Although genome sequencing has become widely available due to the improvements in next-generation sequencing, even with smaller bacterial genomes (the genome of G. xylinus is approximately 3.5Mbp in size), genome sequencing is still unavailable for small to mid-sized research groups due to high costs. We performed a survey of prices offered by all commercially available service providers using the Illumina MiSeq next-generation sequencing platform (which is the most cost-effective method for bacterial genome sequencing) in Europe, and found that the average costs of fully sequencing a 3.5Mbp genome (which includes library preparation, sequencing, bioinformatics and gap filling) is approximately £3000.

In order to be able to sequence the genome with the limited budget available to our team, we decided to purchase the necessary materials for library preparation and sequencing run, and perform the full sequencing cycle ourselves, from preparing the sequencing library, to analyzing and building the genome from sequencing data. We requested access to and performed the sequencing run on the Illumina MiSeq present at Imperial College’s Genomics Laboratory and completed the genome assembly using (PROGRAM NAMES). For gap filling, we used Sanger sequencing commercially available from Source Biosciences.

Creating a toolbox for Gluconacetobacter genetic engineering

In parallel to sequencing the genome, we began building a large toolbox for G. xylinus genetic engineering. Only a few vectors have been developed for G. xylinus, and most of them were not available for us for various reasons (including patents, materials-transfer agreements, and retired or deceased researchers). For this reason, we first tested out a set of new plasmids, and engineered them to be Biobrick compatible. As some E. coli promoters and proteins have been shown to work in Gluconacetobacter or Acetobacter species (Setyawati, 2007; Chien et al., 2006), and similarly to E.coli, G. xylinus is a Gram- species, we decided to test out and modify already existing Biobricks in the parts registry in G. xylinus. Therefore, the toolkit consists of:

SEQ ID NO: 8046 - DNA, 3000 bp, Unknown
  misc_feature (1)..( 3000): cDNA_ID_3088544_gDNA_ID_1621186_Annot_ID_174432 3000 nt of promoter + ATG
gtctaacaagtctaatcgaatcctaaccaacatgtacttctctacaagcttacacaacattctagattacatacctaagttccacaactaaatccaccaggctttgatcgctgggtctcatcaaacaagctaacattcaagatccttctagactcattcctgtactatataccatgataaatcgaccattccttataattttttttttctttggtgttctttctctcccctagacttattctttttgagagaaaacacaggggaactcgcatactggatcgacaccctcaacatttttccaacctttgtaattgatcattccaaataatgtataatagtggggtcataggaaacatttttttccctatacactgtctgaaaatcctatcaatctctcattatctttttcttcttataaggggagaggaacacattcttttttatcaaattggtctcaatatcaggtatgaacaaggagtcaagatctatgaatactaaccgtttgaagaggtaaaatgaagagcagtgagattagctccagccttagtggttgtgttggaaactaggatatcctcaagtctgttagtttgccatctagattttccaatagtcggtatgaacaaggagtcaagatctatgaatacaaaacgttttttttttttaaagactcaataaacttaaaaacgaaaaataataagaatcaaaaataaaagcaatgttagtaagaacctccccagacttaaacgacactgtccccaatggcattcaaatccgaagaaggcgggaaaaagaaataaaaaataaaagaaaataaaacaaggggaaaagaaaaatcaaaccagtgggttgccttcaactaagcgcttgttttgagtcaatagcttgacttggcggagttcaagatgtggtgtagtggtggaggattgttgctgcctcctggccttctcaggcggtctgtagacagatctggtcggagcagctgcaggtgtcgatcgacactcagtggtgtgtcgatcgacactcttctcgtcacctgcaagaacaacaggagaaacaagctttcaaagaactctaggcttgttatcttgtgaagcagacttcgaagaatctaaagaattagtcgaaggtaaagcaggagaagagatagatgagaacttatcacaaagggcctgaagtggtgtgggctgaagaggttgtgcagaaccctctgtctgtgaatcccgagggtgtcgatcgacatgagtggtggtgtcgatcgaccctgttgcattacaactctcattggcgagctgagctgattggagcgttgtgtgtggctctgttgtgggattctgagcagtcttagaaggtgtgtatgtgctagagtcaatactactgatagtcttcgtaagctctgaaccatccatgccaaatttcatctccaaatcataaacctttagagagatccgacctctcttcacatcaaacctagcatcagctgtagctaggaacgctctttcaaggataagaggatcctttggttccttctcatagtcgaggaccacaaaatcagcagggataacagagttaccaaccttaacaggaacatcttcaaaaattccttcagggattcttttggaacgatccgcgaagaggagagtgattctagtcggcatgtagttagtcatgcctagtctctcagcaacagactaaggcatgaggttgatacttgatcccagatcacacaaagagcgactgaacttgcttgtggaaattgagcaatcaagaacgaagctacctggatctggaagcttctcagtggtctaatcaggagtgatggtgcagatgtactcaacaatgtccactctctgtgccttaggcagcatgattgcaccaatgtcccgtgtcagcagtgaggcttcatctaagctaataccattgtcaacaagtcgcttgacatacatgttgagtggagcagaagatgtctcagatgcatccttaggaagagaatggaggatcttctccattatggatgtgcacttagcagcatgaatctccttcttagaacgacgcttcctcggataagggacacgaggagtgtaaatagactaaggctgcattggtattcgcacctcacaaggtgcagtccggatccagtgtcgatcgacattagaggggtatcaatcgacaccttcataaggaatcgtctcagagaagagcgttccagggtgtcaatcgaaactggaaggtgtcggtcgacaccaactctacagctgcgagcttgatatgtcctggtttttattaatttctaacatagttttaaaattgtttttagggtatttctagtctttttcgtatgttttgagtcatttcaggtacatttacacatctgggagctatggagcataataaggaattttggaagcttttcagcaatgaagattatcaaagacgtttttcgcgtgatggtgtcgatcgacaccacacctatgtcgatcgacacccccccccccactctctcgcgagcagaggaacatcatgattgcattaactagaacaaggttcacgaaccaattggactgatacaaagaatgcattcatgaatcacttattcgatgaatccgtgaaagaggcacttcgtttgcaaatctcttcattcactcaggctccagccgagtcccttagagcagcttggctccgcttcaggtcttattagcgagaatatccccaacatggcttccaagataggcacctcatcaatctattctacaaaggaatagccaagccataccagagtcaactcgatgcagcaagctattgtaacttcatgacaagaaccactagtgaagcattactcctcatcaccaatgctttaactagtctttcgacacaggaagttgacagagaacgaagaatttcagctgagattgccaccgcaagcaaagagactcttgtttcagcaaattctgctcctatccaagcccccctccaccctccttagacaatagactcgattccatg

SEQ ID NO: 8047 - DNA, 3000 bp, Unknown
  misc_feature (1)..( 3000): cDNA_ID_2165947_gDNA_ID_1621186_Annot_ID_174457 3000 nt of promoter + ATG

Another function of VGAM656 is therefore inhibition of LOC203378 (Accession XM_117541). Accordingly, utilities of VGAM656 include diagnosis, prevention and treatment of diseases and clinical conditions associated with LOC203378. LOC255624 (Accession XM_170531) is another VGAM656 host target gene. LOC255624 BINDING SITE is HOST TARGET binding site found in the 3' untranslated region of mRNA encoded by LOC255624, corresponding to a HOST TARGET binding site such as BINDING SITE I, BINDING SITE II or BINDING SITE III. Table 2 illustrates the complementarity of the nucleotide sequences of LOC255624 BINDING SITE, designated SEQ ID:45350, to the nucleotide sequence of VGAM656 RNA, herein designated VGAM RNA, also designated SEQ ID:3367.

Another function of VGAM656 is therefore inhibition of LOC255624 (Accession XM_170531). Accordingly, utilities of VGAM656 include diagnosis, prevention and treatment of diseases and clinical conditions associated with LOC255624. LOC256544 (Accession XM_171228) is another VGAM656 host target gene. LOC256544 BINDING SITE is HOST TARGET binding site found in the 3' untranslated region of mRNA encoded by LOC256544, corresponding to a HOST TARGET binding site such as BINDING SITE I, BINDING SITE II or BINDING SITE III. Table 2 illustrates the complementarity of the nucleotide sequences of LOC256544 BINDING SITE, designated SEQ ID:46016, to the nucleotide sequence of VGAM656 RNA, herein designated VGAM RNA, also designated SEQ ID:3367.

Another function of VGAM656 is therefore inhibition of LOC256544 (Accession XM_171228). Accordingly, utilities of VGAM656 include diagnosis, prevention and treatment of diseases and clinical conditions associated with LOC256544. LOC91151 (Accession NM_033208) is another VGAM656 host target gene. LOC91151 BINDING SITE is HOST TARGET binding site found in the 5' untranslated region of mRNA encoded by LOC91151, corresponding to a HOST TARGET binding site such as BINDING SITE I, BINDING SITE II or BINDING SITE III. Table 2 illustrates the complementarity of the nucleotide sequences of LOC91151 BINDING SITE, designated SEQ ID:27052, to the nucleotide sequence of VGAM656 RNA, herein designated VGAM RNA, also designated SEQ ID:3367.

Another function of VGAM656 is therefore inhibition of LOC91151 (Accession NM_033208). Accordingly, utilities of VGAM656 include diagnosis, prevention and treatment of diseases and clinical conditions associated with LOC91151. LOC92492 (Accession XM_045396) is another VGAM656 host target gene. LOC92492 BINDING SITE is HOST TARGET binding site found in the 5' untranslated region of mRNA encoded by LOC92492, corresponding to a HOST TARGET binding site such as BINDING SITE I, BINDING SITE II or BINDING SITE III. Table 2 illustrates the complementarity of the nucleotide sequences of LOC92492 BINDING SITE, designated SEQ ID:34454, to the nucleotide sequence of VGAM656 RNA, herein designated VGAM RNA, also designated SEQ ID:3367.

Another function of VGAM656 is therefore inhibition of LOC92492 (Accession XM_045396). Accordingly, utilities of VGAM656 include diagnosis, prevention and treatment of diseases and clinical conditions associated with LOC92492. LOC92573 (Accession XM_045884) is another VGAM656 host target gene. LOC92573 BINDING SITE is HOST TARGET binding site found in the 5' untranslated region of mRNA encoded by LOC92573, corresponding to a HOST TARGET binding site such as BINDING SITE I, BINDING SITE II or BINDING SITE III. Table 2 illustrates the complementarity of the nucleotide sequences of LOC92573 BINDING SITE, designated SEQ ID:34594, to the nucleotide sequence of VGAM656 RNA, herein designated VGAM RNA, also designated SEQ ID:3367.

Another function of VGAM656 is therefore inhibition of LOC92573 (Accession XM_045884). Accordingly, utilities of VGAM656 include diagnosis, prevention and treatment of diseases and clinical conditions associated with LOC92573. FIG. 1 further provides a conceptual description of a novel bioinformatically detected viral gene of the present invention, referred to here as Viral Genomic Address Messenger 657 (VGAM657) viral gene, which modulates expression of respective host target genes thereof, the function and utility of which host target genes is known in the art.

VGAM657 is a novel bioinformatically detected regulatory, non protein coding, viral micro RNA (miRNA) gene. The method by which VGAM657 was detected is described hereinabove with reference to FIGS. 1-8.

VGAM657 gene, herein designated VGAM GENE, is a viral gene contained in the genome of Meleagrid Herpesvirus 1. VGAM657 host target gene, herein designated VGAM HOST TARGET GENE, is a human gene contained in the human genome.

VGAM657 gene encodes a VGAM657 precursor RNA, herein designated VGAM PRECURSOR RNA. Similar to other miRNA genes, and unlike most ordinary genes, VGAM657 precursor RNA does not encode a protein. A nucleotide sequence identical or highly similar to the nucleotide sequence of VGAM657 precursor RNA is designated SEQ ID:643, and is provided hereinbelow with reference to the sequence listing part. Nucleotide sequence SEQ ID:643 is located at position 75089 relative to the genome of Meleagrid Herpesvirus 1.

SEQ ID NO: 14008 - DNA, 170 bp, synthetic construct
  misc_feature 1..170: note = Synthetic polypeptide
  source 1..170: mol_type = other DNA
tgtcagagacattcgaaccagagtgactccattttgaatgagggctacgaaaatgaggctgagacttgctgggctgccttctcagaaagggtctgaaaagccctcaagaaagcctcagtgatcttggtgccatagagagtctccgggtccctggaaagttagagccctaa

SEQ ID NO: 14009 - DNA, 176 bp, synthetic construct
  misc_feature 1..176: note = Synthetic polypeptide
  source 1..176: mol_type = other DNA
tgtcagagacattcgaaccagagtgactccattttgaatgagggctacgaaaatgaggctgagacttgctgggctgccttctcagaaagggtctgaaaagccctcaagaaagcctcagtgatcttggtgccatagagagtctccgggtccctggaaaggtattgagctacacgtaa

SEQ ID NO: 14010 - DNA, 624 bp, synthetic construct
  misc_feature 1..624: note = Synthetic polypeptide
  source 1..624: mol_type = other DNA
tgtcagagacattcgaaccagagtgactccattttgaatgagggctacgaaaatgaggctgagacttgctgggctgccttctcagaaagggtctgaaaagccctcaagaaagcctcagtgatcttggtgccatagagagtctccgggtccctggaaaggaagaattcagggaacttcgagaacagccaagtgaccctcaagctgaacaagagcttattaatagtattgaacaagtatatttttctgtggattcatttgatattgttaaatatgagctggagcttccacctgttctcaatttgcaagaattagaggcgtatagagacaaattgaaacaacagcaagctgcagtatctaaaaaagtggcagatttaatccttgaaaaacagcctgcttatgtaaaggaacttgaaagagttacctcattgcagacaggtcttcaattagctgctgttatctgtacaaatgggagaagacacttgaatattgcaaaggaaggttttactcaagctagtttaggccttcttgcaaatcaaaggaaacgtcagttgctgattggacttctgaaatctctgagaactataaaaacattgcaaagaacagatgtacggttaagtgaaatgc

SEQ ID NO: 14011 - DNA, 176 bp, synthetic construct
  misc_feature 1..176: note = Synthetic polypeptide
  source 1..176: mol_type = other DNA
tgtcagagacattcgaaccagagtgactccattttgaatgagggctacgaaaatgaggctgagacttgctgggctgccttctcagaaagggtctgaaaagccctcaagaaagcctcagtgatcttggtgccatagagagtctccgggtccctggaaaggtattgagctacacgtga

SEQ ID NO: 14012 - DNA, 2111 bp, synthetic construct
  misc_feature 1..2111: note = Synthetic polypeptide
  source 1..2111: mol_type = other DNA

• New, Biobrick compatible shuttle vectors for Gluconacetobacter and E. coli
    • pSEVA321
    • pSEVA331
    • pSEVA351
    • pBAV1K
  • Characterization and optimization of parts from the Registry, including:
    • Fluorescent proteins, GFP, RFP, YFP, CFP
    • Chromoproteins
    • Vitreoscilla haemoglobin
    • The entire Anderson promoter library
    • Widely used gene expression control proteins AraC and TetR.

Engineering a high cellulose-producing ATCC 53582 strain

We aim to increase cellulose productivity by inserting the Vitreoscilla hemoglobin gene into G. xylinus and finding the optimum expression level by expressing Vitreoscilla hemoglobin behind different Anderson promoters. (Vitreoscilla haemoglobin was shown to increase cellulose productivity and growth rate by Chien 2006).

Modelling

Lorem ipsum dolor sit amet, consectetuer adipiscing elit. Aenean commodo ligula eget dolor. Aenean massa. Cum sociis natoque penatibus et magnis dis parturient montes, nascetur ridiculus mus. Donec quam felis, ultricies nec, pellentesque eu, pretium quis, sem. Nulla consequat massa quis enim. Donec pede justo, fringilla vel, aliquet nec, vulputate eget, arcu. In enim justo, rhoncus ut, imperdiet a, venenatis vitae, justo. Nullam dictum felis eu pede mollis pretium. Integer tincidunt. Cras dapibus. Vivamus elementum semper nisi. Aenean vulputate eleifend tellus. Aenean leo ligula, porttitor eu, consequat vitae, eleifend ac, enim. Aliquam lorem ante, dapibus in, viverra quis, feugiat a, tellus. Phasellus viverra nulla ut metus varius laoreet. Quisque rutrum. Aenean imperdiet. Etia

Testing

Lorem ipsum dolor sit amet, consectetuer adipiscing elit. Aenean commodo ligula eget dolor. Aenean massa. Cum sociis natoque penatibus et magnis dis parturient montes, nascetur ridiculus mus. Donec quam felis, ultricies nec, pellentesque eu, pretium quis, sem. Nulla consequat massa quis enim. Donec pede justo, fringilla vel, aliquet nec, vulputate eget, arcu. In enim justo, rhoncus ut, imperdiet a, venenatis vitae, justo. Nullam dictum felis eu pede mollis pretium. Integer tincidunt. Cras dapibus. Vivamus elementum semper nisi. Aenean vulputate eleifend tellus. Aenean leo ligula, porttitor eu, consequat vitae, eleifend ac, enim.

Results

We have isolated a new strain of Acetobacter from kombucha, and determined its growth rate, cellulose productivity, and natural antibiotic resistance. We have also developed a set of methods for genetic engineering of this strain and have determined five new plasmids capable of replication in this strain. Thus we are the first to genetically engineer it.

We have discovered four new plasmids capable of replication in Acetobacter species - pSEVA321, pSEVA331, pSEVA351 and pBAV1K - both in G.xylinus ATCC 53582 strain, and in the strain we isolated from Kombucha. We have biobricked these plasmids, with the exception of pBAV1K, which had been originally engineered to be biobrick compatible (however, pBAV1K can not be uploaded to parts registry due to binding materials-transfer agreements).

References